Back rested and refreshed (?) from a lovely break in Norfolk. As you can see from the pic above, the weather was ‘mixed’ but then what can you expect for October ?
The pic above is taken looking over the salt marshes towards Holkham Hall from Burnham Overy Staithe. If you know the area (and I think quite a number from our industry visit Wells and the surrounding area), you’ll know there is a sort of timeless feel to the place. I’ve been going here since I was 4 years old, it is therefore a place packed full of memories and the fact that it’s pretty much the same as it was over 50 years ago is reassuring to me in this often chaotic and volatile world. Having a bolt hole to reset yourself is essential I think for mental well-being, well this is one of mine 🙂
I had to laugh because the day after I left Norfolk, herds of twitchers descended upon the area (Stiffkey to be precise) to view a very rare visitor to our shores, the Rufous Bush Chat. Normally a tropical species, this dull brown bird evidently took a wrong turn from southern Europe and ended up here. I walked through Stiffkey the day before, probably straight past it and maybe wondered what that LBJ (Little Brown Jobbie as my dad used to call any small brown bird he couldn’t identify) was. Apparently the last one that visited the U.K turned up in a Butlins camp in Skeggie in the 90’s….Poor thing, that must have been quite a shock for it ! 🙂
Talking about resetting, the weather is up for the same this week as have a mixed bag due with plenty of rain around, some milder, humid air (which may cause us some disease issues mid-week) and at the end of the week / weekend, some really strong winds heralding the arrival of a succession of Atlantic storms for the 2nd half of the month. Without further ado let’s get onto the weather as tempus fugit today.
General Weather Situation
Starting off today we already have a wet start for Ireland and Scotland as rain moves slowly across the country. Further south across England and Wales we have a nice start to the day with light winds and some autumn sunshine. Through the morning, the rain over Ireland and Scotland will slowly move north and east which means for a time central and eastern Scotland will dry up but not for long as more rain arrives during the afternoon. Sadly the rain over Ireland will continue on and off for all of the day with the heaviest occurring this morning. So England and Wales look to stay dry for most of the day save for a few showers nudging into north and west Wales later in the day. Temperature-wise 13-15°C in the south, but a couple of degrees down on that under the cloud and rain. This milder air is feeding in on a southern wind.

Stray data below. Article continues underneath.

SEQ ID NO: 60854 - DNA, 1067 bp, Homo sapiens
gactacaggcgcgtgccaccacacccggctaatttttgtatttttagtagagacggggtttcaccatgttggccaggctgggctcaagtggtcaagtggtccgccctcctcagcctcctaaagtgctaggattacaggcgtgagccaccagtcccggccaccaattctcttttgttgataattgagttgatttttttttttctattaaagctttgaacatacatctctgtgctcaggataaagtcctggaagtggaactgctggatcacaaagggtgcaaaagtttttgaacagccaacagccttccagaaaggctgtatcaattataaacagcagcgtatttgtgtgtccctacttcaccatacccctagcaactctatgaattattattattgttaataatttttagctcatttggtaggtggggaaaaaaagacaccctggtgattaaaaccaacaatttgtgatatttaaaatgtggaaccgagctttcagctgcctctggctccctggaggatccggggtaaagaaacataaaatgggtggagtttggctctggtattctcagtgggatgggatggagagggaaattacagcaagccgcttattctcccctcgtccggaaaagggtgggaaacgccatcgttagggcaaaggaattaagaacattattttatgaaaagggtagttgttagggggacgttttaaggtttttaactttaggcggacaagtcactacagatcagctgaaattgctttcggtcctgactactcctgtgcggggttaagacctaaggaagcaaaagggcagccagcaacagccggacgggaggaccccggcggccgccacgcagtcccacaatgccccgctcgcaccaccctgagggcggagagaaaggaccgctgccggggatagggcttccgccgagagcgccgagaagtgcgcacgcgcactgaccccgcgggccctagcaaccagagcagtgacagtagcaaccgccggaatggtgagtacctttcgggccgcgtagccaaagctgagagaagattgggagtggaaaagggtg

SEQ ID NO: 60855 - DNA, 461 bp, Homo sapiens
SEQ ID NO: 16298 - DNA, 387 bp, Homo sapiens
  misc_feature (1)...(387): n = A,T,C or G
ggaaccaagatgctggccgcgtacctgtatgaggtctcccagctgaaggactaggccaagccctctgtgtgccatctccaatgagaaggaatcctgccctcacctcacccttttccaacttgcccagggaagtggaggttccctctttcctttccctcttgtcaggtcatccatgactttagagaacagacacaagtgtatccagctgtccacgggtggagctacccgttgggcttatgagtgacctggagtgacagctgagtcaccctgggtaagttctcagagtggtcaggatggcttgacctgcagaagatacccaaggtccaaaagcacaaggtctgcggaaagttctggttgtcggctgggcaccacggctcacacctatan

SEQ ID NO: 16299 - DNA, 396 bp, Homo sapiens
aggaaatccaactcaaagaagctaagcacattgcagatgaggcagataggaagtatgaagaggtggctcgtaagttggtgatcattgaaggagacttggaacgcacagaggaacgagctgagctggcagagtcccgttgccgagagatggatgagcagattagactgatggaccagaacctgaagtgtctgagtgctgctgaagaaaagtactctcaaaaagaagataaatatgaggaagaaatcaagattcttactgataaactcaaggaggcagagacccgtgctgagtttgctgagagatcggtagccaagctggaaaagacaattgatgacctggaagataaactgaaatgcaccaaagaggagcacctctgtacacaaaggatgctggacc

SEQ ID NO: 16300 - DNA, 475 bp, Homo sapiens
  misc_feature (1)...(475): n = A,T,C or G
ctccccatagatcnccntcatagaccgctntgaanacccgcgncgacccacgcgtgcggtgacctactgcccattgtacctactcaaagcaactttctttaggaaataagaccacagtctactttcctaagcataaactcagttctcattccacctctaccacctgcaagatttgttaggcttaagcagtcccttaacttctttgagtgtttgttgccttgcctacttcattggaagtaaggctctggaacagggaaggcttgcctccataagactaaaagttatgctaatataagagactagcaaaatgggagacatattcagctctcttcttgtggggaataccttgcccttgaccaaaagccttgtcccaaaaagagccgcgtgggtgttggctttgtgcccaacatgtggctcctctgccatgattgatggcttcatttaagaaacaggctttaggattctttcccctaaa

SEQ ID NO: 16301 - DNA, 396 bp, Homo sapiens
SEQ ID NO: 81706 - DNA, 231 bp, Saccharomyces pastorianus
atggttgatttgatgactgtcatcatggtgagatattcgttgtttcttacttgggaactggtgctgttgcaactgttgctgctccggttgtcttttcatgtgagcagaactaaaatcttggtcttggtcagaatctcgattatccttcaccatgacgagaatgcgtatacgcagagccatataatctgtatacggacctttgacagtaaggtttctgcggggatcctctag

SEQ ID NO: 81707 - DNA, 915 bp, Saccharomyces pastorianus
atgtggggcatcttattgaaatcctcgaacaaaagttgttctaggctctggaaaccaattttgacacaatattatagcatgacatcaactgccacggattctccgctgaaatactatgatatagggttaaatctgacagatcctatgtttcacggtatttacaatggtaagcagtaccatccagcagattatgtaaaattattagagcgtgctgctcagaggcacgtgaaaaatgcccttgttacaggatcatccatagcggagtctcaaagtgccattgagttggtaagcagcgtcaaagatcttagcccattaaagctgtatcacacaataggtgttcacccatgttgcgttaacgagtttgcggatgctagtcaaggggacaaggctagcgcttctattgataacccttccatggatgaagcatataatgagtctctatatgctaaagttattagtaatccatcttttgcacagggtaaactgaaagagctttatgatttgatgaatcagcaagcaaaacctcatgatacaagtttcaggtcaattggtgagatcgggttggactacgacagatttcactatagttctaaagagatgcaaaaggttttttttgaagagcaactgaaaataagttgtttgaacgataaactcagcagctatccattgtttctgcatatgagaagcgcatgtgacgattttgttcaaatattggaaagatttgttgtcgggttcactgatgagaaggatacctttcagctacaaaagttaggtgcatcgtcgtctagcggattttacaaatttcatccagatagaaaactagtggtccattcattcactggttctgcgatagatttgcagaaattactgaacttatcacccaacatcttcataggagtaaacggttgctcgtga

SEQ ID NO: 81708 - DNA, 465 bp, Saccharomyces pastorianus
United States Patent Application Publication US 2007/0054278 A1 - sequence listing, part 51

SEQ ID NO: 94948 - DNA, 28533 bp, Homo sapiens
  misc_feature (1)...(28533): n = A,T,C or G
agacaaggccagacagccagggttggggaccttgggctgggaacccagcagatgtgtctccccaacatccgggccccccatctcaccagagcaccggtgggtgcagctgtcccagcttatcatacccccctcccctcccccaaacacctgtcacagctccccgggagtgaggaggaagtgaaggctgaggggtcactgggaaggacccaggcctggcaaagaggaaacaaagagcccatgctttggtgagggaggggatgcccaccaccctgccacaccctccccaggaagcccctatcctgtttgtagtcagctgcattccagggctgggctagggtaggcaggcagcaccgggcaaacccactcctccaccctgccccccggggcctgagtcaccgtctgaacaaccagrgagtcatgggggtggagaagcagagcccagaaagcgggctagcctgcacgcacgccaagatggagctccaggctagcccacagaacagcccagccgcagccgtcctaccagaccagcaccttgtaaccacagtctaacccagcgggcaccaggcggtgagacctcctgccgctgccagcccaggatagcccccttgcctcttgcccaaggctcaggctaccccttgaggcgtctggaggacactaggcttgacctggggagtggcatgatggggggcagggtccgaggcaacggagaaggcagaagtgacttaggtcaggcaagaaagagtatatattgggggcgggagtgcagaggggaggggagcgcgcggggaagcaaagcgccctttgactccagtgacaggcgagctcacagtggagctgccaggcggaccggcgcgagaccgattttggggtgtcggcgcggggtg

Onto Tuesday and the Atlantic low pressure that brought Ireland the rain on Monday will be sitting just off Kerry and pushing rain across the U.K & Ireland. So at dawn tomorrow we will see a band of rain across most of the U.K, clearing the west and south west as it moves eastwards. Ireland may start dry (ish) but the centre of the low will push rain, some of it heavy into the south west of Ireland and this will move north and east through the course of Tuesday morning. During the morning, the first band of rain will move eastwards and clear England and Wales leaving behind a nice, warm autumn day with sunshine. Further north we see rain continue over Scotland though this will clear all but the most northern areas through the morning into the afternoon. Another wet day for Ireland as p.m. sees that rain covering most of the country. As we move towards dusk that rain clears the south and west of Ireland and pushes into south west Scotland and north west England, with a further band of rain pushing into The South West. Despite the strong south westerly wind, it’ll feel much warmer than of late with temperatures in the high teens across England and Wales, so a really good drying day hopefully. Mid-teens for Ireland and Scotland with that rain and heavier cloud cover.
Onto Wednesday and overnight we see that rain track north and west across The Irish Sea into the west of Scotland and a new Bay of Biscay low pressure slink up to bring rain, some of it pretty heavy along the south coast and into south east England. Through the course of Wednesday morning the rain will push northwards reaching The Midlands in time for rush hour. Ireland on the other hand will have a drier, if dull, start to the day with some showers across Kerry and Clare. Definitely a case of the boot being on the other foot because Wednesday will see rain over England and Scotland merge to place most of the country under rain and heavy cloud by the afternoon, whereas Ireland will stay reasonably dry save for those western / south western showers. As one low passes north and the other dissipates, we will see the wind drop in intensity and shift round to a more north westerly aspect which will mean a cooler day with temperatures in the low to mid-teens.
Thursday sees a quieter day weather wise with both low pressure systems moving out of the picture. They’ll leave behind a scattering of showers from The Pennines south across England and Wales early doors. These showers will push up from The South West and Wales and move north and east through the course of the morning. In contrast Ireland will have a much nicer day with some breaks in the cloud to reveal some nice autumn sunshine, the same for Scotland. The showers over the lower half of the U.K will fizzles out as we go through Thursday afternoon to leave a dry picture for the end of the day almost everywhere. Thursday will see the return of a north easterly wind so that’ll drop the temperatures down from the highs of earlier in the week and keep things in the low teens, high double figures sort of way, cooler in that wind then despite more in the way of sunshine for most places.
Closing out the week on Friday we see a new, very intense low pressure sitting off Greenland. This will push rain in overnight across Ireland and by Friday’s rush hour it’ll be mainly affecting the west of Ireland with sunshine and showers for the east. Across The Irish Sea, Friday will be a dull sort of day, maybe brighter in the west initially across The South West and Wales, but by lunchtime this brightness will have been replaced with some potentially heavy rain for Wales and a whole raft of showers pushing into the western coast of the U.K and moving eastwards into more central areas during the early afternoon. Scotland will see a dry start and then showers building from the west but like the rest of the U.K, it won’t reach the east till later and some eastern areas may miss the showers all together.